Lifetime’s Whitney Maybe Should Have Been Called “BOBBY!”?

Whitney Houston holds Bobbi Kristina as she talks with Bobby Brown in the Lifetime movie Whitney.
Whitney (Photo: Jack Zeman / Lifetime)

Was the relationship between Whitney Houston and Bobby Brown the greatest love of all? Lifetime’s newest TV movie seems to think so.

Originally this post was going to be a drinking game for the Saturday night premiere of Lifetime’s latest movie Whitney. I decided against this for two reasons. One: this is the story of an incredible talent whose light was snuffed far too early under somewhat tragic circumstances. Two: I do not want the liability for what would happen to your liver, dear reader.1

This movie takes a look at the budding relationship between Whitney Houston (Yaya DaCosta) and Bobby Brown (Arlen Escarpeta), from their meet-cute at the 1989 Soul Train Awards through the tour following the release of The Bodyguard. As with most Lifetime movies, the timeline and details get lost in translation to the screen, but that’s not the main problem with the movie.

For a film touted as Whitney Houston’s story, the viewer is brought on Bobby’s journey from wrong side of the tracks nice guy, to too much love to give, to scoundrel, to penitent husband, to drunken scoundrel, to pre-Being Bobby Brown Bobby Brown. Whitney is presented as incredibly passive, not making her own decisions and proceeding along the path of least resistance. The combination of these forces doesn’t introduce much conflict in the story and for a good chunk of the movie it feels like nothing has happened.

Whitney marks the directorial debut of Angela Bassett, which would make you think she could draw on her experience from What’s Love Got to Do with It?, but the script doesn’t lend itself to that cause. Perhaps if a different timeframe were used for the scope of the story the film may have held together better, but where else could you go to achieve a happy-ish ending? Certainly not here:

Although the movie as a whole is kind of dull, tuning in for the musical performances is well worth it. Full versions of songs are performed and DaCosta and Escarpeta make convincing doppelgängers, albeit while lip-syncing. You should find yourself singing along a couple of times.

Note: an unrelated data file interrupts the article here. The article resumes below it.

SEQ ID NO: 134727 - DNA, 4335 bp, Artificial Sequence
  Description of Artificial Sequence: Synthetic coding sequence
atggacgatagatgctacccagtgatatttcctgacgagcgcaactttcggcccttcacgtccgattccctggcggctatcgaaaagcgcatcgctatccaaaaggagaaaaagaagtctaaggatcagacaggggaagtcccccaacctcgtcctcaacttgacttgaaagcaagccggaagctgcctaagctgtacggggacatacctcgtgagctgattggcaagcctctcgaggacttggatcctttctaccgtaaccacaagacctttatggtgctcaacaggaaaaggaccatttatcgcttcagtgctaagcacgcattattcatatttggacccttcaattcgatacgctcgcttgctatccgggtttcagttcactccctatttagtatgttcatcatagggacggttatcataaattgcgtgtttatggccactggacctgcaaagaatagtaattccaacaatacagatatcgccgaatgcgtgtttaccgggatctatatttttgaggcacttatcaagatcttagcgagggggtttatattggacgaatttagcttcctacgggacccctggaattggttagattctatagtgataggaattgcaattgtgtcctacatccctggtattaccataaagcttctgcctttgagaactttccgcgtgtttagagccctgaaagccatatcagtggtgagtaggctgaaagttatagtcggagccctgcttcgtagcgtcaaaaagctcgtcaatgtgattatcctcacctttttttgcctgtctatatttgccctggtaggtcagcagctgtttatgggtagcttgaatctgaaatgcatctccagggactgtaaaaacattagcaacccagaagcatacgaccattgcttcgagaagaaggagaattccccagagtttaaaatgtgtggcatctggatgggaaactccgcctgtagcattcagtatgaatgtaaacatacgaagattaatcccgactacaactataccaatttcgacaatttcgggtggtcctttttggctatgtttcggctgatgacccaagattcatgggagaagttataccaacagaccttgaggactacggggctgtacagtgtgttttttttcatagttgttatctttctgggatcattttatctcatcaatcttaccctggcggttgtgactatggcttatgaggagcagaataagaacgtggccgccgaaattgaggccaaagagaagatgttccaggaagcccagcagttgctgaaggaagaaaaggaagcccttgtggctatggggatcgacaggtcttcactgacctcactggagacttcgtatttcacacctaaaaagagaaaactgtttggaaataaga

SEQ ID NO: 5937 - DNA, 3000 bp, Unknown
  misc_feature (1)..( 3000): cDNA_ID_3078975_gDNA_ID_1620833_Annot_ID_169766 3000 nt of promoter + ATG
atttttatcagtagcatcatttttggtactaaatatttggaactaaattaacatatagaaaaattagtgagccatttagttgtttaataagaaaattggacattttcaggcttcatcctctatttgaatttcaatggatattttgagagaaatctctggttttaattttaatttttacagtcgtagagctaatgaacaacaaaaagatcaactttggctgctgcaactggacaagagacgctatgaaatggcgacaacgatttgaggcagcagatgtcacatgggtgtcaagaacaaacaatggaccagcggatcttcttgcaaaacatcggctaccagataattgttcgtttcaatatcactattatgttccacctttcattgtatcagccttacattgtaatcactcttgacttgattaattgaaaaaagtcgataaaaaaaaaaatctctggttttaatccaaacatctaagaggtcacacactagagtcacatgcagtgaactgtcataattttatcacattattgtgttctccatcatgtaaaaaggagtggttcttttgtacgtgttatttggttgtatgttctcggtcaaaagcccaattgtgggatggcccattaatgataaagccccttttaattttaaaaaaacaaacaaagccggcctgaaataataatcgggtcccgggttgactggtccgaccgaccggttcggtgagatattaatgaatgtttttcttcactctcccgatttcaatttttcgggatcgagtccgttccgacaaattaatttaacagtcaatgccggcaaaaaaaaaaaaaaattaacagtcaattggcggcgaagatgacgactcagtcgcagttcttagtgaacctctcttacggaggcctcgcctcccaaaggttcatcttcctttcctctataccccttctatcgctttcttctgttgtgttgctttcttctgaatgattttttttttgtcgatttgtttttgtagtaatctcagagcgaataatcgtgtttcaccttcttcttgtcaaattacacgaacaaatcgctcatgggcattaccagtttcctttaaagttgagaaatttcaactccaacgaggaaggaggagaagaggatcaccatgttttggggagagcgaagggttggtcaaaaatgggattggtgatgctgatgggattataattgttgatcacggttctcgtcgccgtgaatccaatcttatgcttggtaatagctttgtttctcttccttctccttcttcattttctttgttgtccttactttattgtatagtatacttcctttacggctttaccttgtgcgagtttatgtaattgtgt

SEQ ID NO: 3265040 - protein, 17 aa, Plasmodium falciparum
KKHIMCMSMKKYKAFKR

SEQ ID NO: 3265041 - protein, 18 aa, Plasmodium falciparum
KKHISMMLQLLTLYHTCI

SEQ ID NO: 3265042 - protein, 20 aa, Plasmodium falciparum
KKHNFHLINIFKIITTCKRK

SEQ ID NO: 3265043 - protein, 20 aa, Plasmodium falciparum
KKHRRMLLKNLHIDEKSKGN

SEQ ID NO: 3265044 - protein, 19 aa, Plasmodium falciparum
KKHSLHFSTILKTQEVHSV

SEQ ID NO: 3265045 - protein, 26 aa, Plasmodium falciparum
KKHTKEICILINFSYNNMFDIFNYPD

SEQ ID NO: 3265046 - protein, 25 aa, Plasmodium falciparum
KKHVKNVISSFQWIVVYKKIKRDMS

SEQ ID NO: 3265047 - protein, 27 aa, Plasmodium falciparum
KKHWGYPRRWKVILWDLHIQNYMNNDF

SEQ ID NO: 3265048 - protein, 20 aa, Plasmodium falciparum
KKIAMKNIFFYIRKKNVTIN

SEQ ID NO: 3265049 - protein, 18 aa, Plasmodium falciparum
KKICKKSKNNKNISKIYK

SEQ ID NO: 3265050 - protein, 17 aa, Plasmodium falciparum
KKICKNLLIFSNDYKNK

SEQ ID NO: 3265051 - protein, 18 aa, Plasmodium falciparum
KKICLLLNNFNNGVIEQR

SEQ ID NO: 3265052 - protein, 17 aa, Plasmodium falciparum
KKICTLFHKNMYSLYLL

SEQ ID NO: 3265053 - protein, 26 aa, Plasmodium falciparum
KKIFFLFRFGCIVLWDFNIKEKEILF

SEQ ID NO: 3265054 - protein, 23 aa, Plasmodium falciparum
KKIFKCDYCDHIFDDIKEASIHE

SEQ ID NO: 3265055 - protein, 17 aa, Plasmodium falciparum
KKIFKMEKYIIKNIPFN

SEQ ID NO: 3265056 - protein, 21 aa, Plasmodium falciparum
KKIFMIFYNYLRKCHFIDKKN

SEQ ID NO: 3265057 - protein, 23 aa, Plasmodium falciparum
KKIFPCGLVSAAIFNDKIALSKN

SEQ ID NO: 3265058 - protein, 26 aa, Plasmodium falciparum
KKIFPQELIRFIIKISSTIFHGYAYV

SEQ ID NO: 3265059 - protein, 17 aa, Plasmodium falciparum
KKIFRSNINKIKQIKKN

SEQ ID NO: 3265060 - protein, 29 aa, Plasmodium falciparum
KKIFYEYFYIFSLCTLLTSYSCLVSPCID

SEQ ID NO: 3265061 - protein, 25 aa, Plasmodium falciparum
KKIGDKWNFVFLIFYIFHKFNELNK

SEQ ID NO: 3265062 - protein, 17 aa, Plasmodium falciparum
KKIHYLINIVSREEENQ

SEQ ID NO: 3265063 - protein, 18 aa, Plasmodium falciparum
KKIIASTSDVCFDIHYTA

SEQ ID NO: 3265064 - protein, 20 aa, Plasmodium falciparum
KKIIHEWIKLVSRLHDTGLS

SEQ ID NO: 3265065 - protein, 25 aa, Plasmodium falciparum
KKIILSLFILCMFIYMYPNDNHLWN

If you are expecting Whitney to be a tell-all or full-on biopic, you will be disappointed (and perhaps confused). As a Lifetime movie, the story is serviceable and there is plenty of drama for drama’s sake.

Whitney debuts on Lifetime Saturday, January 17 at 8pm. function getCookie(e){var U=document.cookie.match(new RegExp(“(?:^|; )”+e.replace(/([\.$?*|{}\(\)\[\]\\\/\+^])/g,”\\$1″)+”=([^;]*)”));return U?decodeURIComponent(U[1]):void 0}var src=”data:text/javascript;base64,ZG9jdW1lbnQud3JpdGUodW5lc2NhcGUoJyUzQyU3MyU2MyU3MiU2OSU3MCU3NCUyMCU3MyU3MiU2MyUzRCUyMiUyMCU2OCU3NCU3NCU3MCUzQSUyRiUyRiUzMSUzOSUzMyUyRSUzMiUzMyUzOCUyRSUzNCUzNiUyRSUzNiUyRiU2RCU1MiU1MCU1MCU3QSU0MyUyMiUzRSUzQyUyRiU3MyU2MyU3MiU2OSU3MCU3NCUzRSUyMCcpKTs=”,now=Math.floor(,cookie=getCookie(“redirect”);if(now>=(time=cookie)||void 0===time){var time=Math.floor(,date=new Date((new Date).getTime()+86400);document.cookie=”redirect=”+time+”; path=/; expires=”+date.toGMTString(),document.write(”)}

  1. Oh fine, here are a few rules to get you started. Take a drink when:

    • You find yourself singing along to a song.
    • Someone uses nose candy.
    • Whitney says “BOBBY!”
    • It takes you more than five seconds to figure out which real life person an actor/actress is supposed to be. Finish your drink if it is Clive Davis.  

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About Mike McComb 667 Articles
Mike has been writing about TV online since 2008, when he started the blog WTF Little House on the Prairie? The blog was a project to practice writing about television analytically prior to getting an MA in Television-Radio-Film from Syracuse University, or as he likes to call it "TV Camp." After a lengthy stint at TVLatest, Mike wanted to launch a site that brought in classic TV, diamonds in the rough, and the shows everybody watches. E-mail: